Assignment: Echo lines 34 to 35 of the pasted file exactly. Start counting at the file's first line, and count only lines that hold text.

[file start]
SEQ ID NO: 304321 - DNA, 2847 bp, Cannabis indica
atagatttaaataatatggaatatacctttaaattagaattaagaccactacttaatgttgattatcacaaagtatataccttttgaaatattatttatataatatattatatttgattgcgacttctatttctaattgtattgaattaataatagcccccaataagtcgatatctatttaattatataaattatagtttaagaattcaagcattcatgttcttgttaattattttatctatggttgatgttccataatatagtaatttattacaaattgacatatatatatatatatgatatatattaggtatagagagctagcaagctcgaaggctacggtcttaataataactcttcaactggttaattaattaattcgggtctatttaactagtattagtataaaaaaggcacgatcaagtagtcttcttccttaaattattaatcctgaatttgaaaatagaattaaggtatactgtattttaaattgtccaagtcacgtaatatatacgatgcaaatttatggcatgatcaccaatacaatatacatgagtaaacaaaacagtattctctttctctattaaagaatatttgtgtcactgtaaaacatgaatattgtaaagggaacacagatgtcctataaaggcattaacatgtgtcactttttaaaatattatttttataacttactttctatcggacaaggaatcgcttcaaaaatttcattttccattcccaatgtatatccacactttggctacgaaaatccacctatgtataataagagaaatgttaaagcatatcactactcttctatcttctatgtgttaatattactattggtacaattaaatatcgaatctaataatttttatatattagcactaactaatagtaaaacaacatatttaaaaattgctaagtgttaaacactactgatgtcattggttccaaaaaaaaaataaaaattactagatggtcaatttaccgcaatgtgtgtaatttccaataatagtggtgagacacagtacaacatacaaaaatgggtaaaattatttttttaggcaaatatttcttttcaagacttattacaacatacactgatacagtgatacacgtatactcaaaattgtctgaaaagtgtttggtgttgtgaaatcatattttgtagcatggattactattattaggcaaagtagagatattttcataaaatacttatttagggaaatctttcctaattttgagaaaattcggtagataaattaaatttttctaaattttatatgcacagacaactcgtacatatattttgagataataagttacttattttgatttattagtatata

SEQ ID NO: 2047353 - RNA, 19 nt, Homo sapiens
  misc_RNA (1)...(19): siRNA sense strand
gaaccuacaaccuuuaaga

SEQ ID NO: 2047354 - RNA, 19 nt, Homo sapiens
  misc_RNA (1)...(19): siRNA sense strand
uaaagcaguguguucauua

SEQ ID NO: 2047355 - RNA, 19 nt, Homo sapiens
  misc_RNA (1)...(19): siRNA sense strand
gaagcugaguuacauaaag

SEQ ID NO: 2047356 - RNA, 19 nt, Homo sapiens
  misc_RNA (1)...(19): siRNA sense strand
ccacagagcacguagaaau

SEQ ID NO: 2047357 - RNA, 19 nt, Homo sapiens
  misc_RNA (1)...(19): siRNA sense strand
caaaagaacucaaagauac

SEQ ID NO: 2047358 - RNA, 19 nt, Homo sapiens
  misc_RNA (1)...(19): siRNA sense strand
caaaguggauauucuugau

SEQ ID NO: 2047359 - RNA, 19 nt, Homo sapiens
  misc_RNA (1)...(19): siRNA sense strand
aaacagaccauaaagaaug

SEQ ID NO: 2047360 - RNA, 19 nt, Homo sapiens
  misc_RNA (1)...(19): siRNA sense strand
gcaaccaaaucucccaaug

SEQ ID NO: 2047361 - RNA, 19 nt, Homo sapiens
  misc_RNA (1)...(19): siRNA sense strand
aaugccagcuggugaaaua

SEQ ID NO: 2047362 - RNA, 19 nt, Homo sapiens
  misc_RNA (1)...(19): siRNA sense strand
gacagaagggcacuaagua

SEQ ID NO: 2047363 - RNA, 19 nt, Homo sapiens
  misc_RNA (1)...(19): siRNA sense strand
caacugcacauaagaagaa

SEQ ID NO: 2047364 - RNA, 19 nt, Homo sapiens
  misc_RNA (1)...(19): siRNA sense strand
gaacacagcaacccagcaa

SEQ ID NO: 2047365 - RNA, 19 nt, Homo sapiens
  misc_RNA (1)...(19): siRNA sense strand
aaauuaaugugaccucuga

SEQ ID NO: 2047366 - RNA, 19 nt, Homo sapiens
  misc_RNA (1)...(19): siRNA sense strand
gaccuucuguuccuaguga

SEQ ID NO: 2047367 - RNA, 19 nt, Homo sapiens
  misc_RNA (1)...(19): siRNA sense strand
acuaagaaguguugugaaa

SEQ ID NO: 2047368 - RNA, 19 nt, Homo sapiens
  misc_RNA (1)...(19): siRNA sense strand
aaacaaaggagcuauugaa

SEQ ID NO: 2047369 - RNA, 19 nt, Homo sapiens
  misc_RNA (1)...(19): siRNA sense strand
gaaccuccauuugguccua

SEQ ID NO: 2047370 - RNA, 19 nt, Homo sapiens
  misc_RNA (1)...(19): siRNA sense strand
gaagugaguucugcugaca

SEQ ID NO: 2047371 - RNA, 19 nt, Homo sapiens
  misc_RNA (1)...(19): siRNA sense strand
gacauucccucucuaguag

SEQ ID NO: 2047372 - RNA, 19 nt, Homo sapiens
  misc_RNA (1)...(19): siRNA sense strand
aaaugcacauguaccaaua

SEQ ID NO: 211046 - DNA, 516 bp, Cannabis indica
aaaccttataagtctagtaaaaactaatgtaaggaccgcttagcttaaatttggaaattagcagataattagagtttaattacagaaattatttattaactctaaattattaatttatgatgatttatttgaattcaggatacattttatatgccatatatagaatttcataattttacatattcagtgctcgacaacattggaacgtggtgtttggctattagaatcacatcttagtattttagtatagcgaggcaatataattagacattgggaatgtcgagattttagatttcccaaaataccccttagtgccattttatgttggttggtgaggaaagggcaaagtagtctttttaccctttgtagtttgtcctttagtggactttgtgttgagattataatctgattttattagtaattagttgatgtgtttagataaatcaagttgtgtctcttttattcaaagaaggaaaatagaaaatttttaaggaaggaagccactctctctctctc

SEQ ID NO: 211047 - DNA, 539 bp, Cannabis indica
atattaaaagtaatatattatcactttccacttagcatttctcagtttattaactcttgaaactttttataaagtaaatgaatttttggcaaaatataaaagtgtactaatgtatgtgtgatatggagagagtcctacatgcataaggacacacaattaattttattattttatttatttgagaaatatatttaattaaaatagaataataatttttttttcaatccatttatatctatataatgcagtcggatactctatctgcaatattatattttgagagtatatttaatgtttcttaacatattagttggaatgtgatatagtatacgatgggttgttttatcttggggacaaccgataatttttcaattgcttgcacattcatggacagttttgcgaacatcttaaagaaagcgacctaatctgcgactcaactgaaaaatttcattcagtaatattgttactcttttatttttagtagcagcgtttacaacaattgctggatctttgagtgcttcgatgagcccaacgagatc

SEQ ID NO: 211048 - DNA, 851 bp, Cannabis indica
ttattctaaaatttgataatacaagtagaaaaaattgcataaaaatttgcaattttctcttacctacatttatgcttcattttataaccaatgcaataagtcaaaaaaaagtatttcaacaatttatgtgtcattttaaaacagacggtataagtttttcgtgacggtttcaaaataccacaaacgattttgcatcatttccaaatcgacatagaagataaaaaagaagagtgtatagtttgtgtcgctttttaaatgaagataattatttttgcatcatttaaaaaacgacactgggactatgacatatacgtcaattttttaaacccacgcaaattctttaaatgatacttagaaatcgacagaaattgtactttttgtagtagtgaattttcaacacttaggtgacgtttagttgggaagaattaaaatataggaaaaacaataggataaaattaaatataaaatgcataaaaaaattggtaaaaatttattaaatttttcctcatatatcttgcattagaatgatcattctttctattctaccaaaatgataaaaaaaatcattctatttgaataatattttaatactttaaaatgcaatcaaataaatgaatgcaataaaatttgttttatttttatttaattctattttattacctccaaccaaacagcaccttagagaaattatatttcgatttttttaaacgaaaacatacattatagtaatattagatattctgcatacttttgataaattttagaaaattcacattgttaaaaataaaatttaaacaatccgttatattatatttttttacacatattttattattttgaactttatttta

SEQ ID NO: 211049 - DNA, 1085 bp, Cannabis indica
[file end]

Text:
  misc_RNA (1)...(19): siRNA sense strand
caacugcacauaagaagaa